“It takes just two seconds and you can pin them,” Dickinson said. “It’s never over until that last whistle. Trevor is the kind of kid that knows that and trains for that.”

Michael, a junior, said the win was particularly sweet with his brother, Scott, in attendance. Scott was a senior last year and lost a chance at a state title when he took a controversial loss in the semifinals for slamming an opponent.

“I really don’t feel like that was a slam — it’s just how you view it,” Michael said. “I was really trying to win this one for him and my family.”

Strausbaugh’s win was less dramatic. The top seed notched an 18-5 major decision over No. 2 seed Jacob Morris of South. Strausbaugh, a junior, now has two state titles.

Strausbaugh lost to Morris in the first meet of this season. He said the morning and night workouts, also attended by LeClair, helped turn the table.

“I just didn’t wrestle to my full potential and trust the process that the coaches had given me,” Strausbaugh said of that first loss.

The Stars lost four finals. At 112, Carson Cobb, the No. 4 seed, had to forfeit after getting injured in the semifinals against top seed Max Francisco of East.

At 119, top seed Titus Watts of Soldotna lost an 8-4 decision to No. 2 seed Anan Siackhasone of South.

At 140, No. 2 seed Michael Dickinson lost a 7-5 decision to top seed Kenton Cooke of East, who is committed to wrestle at Division I South Dakota State.

At 171, No. 3 seed Collin Peck was pinned by top seed Roth Powers of South.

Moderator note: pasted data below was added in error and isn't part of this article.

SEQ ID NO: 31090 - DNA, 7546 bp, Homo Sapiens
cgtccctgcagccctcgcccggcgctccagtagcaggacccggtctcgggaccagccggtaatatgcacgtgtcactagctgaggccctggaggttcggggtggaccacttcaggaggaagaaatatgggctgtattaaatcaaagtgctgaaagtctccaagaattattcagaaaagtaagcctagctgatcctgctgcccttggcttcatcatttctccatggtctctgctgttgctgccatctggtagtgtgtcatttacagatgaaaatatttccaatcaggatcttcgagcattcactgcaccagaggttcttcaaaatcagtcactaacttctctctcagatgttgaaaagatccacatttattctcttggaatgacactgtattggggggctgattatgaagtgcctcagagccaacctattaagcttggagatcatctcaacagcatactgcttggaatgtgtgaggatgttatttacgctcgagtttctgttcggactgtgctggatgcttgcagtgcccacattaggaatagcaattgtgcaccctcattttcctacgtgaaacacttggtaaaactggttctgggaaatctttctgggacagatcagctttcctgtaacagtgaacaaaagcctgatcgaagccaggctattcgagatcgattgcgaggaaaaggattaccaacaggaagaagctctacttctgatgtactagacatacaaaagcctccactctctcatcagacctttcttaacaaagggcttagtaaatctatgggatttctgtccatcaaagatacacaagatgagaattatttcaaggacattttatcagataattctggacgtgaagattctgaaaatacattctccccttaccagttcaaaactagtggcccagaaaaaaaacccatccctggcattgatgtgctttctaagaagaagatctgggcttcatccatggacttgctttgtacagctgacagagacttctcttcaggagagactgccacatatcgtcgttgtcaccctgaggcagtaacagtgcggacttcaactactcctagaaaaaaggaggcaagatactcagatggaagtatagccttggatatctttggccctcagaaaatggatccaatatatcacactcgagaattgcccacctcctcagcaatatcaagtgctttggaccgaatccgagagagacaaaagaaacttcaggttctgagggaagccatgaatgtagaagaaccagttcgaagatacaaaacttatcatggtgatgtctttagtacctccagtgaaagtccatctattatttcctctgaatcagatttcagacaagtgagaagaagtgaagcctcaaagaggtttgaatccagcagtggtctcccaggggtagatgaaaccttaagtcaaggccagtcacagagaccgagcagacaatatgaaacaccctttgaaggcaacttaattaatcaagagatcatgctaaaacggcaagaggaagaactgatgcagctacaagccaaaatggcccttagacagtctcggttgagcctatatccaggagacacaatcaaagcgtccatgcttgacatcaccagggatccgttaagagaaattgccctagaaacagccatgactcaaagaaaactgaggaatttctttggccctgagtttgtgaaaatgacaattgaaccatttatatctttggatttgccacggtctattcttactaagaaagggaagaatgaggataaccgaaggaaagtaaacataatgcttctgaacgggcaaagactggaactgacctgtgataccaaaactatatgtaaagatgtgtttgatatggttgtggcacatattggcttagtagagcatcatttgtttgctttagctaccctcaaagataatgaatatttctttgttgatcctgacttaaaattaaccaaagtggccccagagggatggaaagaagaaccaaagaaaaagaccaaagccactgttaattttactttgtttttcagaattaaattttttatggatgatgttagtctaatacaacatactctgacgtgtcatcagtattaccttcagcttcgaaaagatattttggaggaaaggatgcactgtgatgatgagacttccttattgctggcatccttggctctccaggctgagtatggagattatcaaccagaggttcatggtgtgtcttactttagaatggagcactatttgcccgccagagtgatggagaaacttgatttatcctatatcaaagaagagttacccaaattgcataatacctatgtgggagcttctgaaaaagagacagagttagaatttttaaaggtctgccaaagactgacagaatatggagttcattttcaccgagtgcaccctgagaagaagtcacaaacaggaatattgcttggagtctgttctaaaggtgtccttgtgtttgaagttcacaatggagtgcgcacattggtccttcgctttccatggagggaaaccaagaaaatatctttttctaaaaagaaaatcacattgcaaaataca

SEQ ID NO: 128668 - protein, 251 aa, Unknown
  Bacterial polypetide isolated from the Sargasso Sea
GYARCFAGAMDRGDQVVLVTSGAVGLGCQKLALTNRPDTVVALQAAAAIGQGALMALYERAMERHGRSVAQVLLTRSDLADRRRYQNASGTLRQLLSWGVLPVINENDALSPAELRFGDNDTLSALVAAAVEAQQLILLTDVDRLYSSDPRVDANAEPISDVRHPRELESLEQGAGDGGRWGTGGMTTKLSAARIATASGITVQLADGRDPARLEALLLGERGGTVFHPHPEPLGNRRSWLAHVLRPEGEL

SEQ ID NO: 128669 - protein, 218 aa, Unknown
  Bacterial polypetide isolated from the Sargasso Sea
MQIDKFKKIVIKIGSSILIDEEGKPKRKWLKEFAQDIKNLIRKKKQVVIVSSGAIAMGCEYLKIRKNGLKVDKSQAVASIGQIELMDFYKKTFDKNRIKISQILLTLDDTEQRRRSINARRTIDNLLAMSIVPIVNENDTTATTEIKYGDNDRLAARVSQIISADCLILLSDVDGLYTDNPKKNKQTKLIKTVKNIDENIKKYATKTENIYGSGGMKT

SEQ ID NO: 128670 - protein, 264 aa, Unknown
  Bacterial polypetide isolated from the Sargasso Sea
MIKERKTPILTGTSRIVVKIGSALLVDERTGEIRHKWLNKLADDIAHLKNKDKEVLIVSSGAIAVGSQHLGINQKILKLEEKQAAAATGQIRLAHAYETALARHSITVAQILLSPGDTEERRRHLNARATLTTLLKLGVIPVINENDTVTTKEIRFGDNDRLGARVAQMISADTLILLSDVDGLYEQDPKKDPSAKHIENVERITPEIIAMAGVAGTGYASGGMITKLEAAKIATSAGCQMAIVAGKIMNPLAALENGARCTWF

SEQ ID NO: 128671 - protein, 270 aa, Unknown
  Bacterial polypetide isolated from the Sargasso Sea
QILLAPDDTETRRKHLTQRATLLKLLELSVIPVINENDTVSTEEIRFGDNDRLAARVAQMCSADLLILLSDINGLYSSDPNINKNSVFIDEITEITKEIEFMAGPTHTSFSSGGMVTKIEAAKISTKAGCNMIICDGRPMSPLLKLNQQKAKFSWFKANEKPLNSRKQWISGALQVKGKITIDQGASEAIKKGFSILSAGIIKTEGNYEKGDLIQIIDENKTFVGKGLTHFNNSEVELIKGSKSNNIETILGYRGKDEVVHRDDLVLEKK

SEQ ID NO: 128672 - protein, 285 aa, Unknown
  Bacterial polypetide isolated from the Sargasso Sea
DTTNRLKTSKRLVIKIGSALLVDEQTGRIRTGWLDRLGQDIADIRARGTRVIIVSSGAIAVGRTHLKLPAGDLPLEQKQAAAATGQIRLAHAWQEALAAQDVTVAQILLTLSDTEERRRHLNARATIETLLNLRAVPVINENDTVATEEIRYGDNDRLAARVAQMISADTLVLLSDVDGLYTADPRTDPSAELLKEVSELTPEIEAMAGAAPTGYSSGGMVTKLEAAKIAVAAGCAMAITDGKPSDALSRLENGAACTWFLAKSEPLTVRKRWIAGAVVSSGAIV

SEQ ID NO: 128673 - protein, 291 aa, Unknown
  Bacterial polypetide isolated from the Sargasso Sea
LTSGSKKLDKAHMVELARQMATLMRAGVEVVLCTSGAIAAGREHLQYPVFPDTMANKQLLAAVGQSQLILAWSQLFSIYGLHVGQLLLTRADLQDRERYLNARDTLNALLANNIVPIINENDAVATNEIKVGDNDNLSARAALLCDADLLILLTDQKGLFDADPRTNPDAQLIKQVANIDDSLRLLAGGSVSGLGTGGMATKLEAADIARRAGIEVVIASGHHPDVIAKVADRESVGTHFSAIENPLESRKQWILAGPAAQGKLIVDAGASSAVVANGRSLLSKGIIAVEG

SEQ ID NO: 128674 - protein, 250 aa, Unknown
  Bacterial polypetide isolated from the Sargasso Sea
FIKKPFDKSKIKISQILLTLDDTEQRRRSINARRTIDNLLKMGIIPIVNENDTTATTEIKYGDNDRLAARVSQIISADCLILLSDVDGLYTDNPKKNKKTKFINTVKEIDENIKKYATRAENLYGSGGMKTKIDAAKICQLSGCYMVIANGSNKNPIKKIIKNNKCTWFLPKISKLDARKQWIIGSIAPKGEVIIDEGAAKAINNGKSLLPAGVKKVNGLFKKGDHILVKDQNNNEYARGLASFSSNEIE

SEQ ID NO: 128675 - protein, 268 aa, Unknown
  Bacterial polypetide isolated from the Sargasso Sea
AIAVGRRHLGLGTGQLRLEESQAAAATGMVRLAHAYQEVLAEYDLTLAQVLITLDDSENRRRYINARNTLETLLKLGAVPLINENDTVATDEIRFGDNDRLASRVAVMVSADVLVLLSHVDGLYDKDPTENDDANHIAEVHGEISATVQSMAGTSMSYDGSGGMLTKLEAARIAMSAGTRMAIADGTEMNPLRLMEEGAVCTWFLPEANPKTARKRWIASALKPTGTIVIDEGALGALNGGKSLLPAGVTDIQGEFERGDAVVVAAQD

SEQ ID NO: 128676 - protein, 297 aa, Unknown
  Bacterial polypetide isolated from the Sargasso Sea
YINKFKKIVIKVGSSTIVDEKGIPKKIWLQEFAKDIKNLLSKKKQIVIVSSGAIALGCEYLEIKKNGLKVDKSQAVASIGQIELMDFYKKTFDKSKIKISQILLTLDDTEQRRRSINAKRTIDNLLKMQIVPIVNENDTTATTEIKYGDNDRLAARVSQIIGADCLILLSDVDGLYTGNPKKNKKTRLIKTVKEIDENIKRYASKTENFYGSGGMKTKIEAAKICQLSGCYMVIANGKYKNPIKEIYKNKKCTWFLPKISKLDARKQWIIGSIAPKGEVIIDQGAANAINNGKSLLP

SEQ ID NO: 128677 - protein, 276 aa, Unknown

Coach Dickinson said the Stars were hurt by injuries in the team standings. In addition to Cobb, Bowen Korth, Hunter Bras and Tustin Keller had ailments that cost the team points.

Also for the Stars, Kenai Lepule was third at 285, Ryan Buchanan was fifth at 119, Keller was sixth at 130, Bras was sixth at 145, Korth was sixth at 171 and Sam Henry was sixth at 103.

Dickinson said highlights were Lepule winning three overtime matches and Henry showing heart because he gives up 30 pounds in every match.

Seward’s Ridge Conant works his way to a pin of Haines’ Hayden Jimenez in the Division II final at 112 pounds Saturday, Dec. 16, 2023, at the state wrestling tournament at the Alaska Airlines Center in Anchorage, Alaska. (Photo by Jeff Helminiak/Peninsula Clarion)

Seward’s Ridge Conant works his way to a pin of Haines’ Hayden Jimenez in the Division II final at 112 pounds Saturday, Dec. 16, 2023, at the state wrestling tournament at the Alaska Airlines Center in Anchorage, Alaska. (Photo by Jeff Helminiak/Peninsula Clarion)

South’s Roth Powers controls Soldotna’s Collin Peck on the way to a pin in the Division I championships match at 171 pounds Saturday, Dec. 16, 2023, at the state wrestling tournament at the Alaska Airlines Center in Anchorage, Alaska. (Photo by Jeff Helminiak/Peninsula Clarion)